Me: What's the principal difference between the two of you, then?

Leonello: He wants to be liked, and he tries to make people laugh. That's fine; it works for him. I don't care if I'm liked, and I'm nobody's jester, and that works for me.

Me: Are you always this sarcastic?

Leonello: You know I am. You invented me.

Me: Yes, but you're not allowed to be sarcastic to me. I created you; you're supposed to be nice to me.

Leonello: Dio. Am I done now?

Meet The Heroine: Giulia Farnese Gets Interviewed

August 1, 2013

Tags: character q&a, the serpent and the pearl, blog tour

“The Serpent and the Pearl: a novel of the Borgias” releases in just five days! (I'd bite my fingernails, but I don't have any left.) I've been lucky enough to get some wonderful early reviews—the Historical Novel Society reviewers had this to say about my narrators: “Three compelling characters weave a tangled trajectory through the life and politics of 15th-century Rome. Carmelina’s sharp tongue, Leonello’s caustic wit, and Giulia’s unconditional good humor in the face of danger play off each other beautifully to create another riveting novel from Kate Quinn.”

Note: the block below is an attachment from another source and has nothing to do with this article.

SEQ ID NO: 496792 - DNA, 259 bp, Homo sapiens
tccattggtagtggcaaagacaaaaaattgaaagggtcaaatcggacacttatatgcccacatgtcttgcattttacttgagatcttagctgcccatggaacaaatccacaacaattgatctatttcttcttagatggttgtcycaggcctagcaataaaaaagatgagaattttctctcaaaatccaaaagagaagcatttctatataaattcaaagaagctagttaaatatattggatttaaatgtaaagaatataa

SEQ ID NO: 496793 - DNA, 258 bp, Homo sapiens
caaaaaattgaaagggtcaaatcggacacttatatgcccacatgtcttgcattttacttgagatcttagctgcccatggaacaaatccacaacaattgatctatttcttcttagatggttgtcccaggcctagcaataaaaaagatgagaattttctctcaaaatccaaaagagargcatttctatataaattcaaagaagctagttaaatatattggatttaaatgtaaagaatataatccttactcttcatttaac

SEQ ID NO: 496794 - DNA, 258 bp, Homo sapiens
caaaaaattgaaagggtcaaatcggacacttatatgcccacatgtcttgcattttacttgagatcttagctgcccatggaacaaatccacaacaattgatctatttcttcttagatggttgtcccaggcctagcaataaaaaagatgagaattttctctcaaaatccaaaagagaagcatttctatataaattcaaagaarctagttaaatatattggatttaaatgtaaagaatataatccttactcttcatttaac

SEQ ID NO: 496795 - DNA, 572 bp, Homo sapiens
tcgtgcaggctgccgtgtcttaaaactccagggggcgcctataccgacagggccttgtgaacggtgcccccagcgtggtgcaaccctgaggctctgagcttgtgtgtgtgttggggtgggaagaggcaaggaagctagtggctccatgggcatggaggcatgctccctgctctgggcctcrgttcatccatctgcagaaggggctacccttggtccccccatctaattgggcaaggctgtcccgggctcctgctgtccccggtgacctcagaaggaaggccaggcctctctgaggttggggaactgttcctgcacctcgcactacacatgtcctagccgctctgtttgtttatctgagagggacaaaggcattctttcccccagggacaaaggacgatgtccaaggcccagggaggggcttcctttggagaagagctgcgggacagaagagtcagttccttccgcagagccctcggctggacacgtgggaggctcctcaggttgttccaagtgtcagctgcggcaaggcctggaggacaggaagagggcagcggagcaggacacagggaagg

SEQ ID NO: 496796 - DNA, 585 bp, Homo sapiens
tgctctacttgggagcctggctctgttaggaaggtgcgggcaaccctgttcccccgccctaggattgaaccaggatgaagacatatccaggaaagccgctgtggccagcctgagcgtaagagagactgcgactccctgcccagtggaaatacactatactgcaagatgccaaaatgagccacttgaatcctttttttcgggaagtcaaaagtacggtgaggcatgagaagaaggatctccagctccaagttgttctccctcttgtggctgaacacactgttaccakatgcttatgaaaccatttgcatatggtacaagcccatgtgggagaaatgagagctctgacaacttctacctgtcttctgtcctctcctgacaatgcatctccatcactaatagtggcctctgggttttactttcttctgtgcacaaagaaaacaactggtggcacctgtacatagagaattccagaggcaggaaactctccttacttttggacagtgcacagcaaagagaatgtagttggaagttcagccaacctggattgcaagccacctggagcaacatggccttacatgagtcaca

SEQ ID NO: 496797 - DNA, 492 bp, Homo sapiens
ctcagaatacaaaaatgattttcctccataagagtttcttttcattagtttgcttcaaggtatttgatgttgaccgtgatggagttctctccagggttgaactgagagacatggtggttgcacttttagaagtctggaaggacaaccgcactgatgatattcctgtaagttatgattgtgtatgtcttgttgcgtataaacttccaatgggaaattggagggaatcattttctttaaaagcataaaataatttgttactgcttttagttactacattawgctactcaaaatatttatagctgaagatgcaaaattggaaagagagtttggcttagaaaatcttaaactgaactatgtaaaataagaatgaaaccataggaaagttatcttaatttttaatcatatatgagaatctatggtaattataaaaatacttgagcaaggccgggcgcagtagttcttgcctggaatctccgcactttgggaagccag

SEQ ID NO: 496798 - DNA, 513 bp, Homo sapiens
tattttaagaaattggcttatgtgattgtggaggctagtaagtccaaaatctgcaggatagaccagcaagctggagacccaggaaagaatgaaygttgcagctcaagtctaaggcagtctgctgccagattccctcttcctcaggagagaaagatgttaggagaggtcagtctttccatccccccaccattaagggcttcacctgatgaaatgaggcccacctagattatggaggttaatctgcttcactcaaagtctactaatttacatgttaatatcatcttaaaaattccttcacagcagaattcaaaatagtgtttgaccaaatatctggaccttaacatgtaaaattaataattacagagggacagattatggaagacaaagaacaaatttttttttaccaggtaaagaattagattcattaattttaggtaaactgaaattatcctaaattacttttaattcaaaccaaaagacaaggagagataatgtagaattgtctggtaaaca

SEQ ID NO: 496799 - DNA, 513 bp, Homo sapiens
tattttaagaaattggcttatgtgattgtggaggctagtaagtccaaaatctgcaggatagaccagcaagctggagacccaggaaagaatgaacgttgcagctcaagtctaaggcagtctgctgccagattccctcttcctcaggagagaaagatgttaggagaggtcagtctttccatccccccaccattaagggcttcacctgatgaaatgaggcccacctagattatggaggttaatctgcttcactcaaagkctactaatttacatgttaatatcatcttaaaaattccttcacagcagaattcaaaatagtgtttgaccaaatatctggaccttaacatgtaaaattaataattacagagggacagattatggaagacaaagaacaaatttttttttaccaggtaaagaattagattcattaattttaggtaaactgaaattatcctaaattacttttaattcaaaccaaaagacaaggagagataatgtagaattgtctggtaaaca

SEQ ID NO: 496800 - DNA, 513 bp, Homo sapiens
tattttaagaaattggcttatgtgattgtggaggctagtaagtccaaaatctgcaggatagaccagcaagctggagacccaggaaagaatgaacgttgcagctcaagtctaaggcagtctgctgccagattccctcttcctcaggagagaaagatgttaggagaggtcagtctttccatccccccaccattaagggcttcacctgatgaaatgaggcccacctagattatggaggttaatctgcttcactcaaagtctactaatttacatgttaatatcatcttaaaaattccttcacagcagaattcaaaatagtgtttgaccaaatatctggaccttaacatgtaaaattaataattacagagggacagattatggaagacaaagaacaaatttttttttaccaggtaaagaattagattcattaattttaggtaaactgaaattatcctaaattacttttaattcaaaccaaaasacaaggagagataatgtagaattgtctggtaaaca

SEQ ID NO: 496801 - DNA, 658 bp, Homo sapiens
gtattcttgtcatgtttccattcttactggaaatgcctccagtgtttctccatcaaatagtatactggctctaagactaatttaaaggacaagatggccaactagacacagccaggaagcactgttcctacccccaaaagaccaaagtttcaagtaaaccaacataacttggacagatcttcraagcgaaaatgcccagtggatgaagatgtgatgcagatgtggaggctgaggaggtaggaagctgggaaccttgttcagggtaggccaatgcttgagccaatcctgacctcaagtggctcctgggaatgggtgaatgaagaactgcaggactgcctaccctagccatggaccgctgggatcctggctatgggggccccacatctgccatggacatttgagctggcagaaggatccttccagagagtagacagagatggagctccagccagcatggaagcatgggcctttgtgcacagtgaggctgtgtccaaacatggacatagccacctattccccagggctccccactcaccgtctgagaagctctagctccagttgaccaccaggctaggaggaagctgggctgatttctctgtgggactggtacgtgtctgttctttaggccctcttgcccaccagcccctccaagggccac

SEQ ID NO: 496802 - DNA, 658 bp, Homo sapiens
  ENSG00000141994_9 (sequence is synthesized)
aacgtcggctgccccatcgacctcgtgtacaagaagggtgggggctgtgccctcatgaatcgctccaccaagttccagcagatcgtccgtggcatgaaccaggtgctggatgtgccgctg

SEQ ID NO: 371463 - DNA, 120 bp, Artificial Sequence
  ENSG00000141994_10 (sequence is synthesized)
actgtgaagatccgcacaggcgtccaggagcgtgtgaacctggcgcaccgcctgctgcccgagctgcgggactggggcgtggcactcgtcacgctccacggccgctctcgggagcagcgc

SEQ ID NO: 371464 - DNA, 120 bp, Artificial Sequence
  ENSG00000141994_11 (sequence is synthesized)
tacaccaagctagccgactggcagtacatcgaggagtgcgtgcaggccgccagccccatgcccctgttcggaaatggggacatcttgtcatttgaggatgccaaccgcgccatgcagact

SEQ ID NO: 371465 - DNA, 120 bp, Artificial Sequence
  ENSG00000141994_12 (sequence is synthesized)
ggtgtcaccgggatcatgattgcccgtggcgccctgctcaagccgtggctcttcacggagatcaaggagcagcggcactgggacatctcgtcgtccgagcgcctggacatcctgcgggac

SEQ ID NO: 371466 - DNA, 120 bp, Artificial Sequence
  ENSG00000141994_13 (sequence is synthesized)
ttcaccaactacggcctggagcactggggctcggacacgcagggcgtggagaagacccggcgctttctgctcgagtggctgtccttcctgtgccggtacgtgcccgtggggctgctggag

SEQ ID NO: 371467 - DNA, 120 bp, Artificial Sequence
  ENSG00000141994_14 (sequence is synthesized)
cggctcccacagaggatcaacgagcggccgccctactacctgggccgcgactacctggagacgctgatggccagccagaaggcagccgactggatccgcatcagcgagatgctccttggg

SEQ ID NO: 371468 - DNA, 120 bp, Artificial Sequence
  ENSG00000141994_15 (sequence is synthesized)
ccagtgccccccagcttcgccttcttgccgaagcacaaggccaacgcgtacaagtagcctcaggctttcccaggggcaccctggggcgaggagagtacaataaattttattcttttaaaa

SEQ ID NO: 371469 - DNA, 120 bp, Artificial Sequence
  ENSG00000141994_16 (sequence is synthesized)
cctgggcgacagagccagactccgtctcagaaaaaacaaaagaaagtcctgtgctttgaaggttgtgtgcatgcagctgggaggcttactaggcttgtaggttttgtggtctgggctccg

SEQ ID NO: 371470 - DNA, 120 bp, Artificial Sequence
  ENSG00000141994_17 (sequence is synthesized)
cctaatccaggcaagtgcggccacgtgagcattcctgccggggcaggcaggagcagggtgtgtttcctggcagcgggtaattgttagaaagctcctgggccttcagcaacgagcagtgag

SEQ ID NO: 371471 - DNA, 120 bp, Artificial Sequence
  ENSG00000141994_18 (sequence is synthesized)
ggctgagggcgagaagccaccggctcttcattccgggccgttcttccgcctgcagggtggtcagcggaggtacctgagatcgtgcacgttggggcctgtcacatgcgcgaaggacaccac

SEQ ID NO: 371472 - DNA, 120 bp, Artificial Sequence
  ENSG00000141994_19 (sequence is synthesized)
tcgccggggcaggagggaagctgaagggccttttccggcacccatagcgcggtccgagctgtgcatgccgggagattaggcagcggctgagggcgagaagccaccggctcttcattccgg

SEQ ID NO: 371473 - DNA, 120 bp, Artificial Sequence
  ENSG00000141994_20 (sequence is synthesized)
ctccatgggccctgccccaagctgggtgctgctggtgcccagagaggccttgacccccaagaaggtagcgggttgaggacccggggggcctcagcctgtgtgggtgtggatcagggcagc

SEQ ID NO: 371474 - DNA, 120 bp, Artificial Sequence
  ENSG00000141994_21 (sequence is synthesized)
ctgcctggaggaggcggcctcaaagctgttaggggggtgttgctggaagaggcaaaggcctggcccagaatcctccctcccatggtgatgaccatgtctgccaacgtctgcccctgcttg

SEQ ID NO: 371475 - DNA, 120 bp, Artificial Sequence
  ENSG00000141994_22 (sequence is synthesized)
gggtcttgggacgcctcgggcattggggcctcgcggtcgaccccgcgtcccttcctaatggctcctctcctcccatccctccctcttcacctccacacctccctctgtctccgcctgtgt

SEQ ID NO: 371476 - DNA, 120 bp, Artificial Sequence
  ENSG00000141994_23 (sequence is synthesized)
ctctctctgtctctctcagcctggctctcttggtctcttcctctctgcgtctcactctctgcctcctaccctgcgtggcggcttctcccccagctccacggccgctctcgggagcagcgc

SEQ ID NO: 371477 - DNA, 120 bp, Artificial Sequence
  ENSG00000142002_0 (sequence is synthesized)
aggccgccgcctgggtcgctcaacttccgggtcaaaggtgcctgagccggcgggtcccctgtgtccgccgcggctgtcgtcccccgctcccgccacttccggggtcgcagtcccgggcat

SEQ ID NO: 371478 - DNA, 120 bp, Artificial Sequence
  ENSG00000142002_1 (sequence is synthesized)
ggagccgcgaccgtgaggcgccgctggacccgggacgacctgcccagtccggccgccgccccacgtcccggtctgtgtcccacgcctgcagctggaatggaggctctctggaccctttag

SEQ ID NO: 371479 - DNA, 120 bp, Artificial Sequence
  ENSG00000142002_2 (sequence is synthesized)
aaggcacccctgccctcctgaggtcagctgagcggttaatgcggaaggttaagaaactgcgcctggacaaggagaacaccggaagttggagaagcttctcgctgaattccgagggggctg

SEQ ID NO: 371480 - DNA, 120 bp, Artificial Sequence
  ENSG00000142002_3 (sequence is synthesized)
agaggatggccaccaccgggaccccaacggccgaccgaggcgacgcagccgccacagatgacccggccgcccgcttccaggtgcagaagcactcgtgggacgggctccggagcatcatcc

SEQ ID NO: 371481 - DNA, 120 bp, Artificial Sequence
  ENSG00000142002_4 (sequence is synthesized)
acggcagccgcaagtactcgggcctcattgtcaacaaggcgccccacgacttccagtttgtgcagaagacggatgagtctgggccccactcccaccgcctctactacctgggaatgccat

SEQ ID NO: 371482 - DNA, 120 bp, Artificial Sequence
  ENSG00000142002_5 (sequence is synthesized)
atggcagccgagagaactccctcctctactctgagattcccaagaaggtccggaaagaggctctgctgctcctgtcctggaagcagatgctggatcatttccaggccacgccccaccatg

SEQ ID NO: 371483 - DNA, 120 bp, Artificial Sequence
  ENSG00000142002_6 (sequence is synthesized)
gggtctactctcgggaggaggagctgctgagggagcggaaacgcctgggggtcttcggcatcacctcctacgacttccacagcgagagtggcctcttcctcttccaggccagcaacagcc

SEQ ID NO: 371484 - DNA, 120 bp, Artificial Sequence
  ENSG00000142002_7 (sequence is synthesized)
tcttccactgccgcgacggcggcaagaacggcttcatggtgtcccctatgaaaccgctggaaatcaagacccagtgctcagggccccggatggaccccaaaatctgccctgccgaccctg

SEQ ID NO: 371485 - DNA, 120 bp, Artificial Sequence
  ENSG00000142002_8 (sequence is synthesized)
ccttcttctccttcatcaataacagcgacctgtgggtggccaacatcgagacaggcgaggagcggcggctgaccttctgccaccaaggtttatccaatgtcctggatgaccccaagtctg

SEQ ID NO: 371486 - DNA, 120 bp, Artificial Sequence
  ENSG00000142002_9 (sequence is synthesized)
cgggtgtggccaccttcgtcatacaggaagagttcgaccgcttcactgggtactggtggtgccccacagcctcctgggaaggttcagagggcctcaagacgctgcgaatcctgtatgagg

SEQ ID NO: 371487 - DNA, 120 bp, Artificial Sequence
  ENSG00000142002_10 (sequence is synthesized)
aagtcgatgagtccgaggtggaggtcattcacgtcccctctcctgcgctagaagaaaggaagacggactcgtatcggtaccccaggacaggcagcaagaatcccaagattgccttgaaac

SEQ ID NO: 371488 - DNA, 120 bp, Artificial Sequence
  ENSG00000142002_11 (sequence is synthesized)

Want to meet these three very-compelling but very-different folks? Over the next few days I'll be interviewing each of my characters here on my blog as a promo. Today let's welcome Giulia Farnese, who was more than happy to drop by and tell you a little about herself!


Me: Lovely to have you here, Giulia.

Giulia: Thank you for inviting me. Do you have anything to nibble? I've never been interviewed before and it's making me nervous, and I always eat when I'm nervous.

Me: You don't know about chocolate, do you? That's a little after your time. Here, try this.

Giulia: “Reese's Pieces” what's that? Holy Virgin, they taste heavenly. Can I have the recipe for my cook? Her name's Carmelina, and she's an absolute gem.

Me: She's not going to be able to do much if chocolate isn't invented yet. Let's have your full name, for the readers.